I begin to search for a name. I want it to be profound, something that will prove my wisdom at so young an age. It’s a lot of pressure to pick a name. No wonder so many people name their children after themselves. It’s not honor. It’s cheating. I look at him again. He has a chubby black nose and soft eyes with which he could conquer the world. He’s calm and small. Napoleon. I’ll name him Napoleon because I want to prove that I am ironic and because, well, he is short. Perhaps he will prove to be feisty when he isn’t sleeping so much.
I look at him and smile as he flops on his side after relieving himself. Not a promising start for an ambitious, demanding conqueror. Louis. I will name him Louis because he will love the life of leisure I can give him as soon as we rid ourselves of this mess. I catch his eye and rub my finger against my index and middle fingers as if I have food, seeing if he will come to me. He takes a big breath and sighs. Not likely. It figures. Three others to give me companionship. One doesn’t speak and only observes, making you feel as if he is searching you, picking you apart for wounds if he should ever need to save, or worse, strike you. The other speaks with an accent that is grating to me ears. He is kind enough but I can’t bear much more of the twang. It’s like a bad Western– and I hate good Westerns. Besides, he likes to walk ahead with the horse. Whovever thought it was wise to feed a horse and then let him walk in front of the pack obviously didn’t think enough.
And last of all, a dog who is about as animated as a stuffed animal.
It seems as if there are three movies going on simultaneously. True Grit. Some sort of movie in which the president is in danger and has a body guard tailing him. And Homeward Bound. Make the any Lord of the Rings movie. Because all we seem to do is walk.
I groan just from the irritation of my own negative thoughts and feelings. I can’t stand even myself. I lean my head up against the wall and feel the rough bricks hang on to a few pieces of hair. The young man immediately reaches over and pushes the back of my head away from the wall. “Thanks.” I mouth. He only checks to make sure no hair is caught to the brick.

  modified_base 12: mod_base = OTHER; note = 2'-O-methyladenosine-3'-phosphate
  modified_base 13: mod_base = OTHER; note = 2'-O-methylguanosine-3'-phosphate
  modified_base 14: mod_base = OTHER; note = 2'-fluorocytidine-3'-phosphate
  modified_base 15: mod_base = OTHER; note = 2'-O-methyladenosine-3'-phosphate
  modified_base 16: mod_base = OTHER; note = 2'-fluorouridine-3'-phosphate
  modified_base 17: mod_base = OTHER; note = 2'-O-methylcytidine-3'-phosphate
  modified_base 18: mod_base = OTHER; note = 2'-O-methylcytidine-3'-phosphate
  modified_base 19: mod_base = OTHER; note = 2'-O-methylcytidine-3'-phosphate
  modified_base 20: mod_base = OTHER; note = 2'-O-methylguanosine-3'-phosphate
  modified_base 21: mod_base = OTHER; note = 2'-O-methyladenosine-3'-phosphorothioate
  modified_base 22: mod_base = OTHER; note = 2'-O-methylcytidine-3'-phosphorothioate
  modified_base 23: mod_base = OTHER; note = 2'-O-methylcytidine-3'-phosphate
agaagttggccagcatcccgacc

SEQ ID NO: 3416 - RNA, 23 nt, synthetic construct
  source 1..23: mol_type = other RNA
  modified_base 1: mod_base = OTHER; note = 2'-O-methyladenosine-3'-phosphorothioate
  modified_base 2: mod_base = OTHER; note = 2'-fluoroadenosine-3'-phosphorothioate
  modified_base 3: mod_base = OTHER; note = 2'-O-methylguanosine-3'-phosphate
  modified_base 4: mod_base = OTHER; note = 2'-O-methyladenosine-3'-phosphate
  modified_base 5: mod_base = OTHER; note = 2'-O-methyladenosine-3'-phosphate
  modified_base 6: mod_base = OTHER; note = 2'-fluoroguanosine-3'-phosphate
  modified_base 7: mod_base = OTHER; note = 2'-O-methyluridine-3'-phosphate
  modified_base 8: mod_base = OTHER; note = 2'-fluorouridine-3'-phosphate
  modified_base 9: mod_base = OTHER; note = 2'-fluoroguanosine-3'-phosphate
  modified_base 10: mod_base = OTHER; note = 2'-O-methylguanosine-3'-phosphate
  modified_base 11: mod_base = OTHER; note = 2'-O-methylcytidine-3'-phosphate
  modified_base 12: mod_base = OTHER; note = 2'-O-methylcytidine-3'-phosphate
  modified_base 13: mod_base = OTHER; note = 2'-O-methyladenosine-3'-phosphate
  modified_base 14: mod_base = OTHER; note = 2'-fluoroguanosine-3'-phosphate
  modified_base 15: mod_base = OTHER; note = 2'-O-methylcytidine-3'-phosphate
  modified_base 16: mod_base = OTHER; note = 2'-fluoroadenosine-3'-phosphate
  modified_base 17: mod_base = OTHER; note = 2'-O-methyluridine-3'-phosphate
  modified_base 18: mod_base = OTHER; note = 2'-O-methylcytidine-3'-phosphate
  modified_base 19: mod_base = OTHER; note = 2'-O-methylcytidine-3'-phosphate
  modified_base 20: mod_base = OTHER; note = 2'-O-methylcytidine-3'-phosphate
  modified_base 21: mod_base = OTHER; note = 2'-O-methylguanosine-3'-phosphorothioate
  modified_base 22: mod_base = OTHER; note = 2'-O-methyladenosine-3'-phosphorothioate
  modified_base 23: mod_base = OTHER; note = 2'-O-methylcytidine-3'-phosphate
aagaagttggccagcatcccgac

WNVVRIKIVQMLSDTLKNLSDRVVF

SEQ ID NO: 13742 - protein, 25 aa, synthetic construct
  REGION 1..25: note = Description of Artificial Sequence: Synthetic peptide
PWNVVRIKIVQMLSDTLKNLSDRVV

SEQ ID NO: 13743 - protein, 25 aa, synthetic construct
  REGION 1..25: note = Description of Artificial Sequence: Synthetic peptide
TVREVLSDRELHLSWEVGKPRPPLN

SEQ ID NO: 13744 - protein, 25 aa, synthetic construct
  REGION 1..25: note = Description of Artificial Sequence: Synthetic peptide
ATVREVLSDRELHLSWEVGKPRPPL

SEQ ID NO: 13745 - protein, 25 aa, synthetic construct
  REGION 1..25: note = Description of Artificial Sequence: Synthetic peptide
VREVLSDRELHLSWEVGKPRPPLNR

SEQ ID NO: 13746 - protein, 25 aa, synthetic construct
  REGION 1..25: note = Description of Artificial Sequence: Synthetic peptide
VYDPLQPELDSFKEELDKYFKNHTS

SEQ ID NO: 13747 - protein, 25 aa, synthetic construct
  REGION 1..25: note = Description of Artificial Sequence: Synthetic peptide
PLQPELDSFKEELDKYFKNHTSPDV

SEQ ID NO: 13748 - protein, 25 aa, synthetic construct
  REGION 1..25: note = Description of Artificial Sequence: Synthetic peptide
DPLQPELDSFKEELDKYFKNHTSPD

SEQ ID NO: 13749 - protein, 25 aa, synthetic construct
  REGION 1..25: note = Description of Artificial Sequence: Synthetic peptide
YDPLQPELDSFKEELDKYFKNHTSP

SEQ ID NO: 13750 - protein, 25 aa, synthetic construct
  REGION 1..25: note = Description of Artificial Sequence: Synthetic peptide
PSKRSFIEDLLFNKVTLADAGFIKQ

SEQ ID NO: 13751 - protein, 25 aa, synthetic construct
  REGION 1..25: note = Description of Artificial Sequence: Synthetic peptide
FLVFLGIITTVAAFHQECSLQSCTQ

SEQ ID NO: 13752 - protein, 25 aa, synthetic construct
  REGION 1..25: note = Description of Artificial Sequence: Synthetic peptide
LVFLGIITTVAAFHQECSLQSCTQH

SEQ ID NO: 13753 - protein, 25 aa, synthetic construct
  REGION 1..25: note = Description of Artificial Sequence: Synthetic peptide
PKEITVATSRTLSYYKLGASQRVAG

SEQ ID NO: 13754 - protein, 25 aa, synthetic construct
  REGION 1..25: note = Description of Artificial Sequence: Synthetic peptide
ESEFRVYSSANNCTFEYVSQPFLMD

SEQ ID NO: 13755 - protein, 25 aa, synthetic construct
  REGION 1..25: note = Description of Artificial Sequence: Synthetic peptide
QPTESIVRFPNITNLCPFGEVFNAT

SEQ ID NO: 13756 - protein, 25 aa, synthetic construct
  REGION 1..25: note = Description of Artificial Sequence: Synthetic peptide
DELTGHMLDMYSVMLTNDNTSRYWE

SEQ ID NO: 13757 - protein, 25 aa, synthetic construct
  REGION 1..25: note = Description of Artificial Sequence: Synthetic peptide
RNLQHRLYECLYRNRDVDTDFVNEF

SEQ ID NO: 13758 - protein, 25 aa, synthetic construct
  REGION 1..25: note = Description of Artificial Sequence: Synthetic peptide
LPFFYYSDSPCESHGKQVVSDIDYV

The older man is gently picking up crates and barrels down the alley. He finds one and retrieves a wad of papers. I was hoping for more. A key. Something that proved something. Anything at all. That we had a destination. He smiles at me and then spits.
The end of the crate digs into my thighs. I walk up to the horse and feel the leather saddle on his back. His tail swishes almost silently behind him. I grab a carrots about of my messenger bag and hand them to him. Beside me, the older man picks up the crate and pulls out a cap, like a newsboy cap and shoves it on my head roughly but with what I can assume is as much gentleness as he could muster. Then, without another word, he starts to saunter back down the alley and, though I want to stop, I want to scream “Where are we going?! I have a right to know!” I follow him. And Louis catches up, steps on the back of my pants and I pick him up. He licks my ear and we keep ambling, silent in our small convoy through this labyrinth of bricks.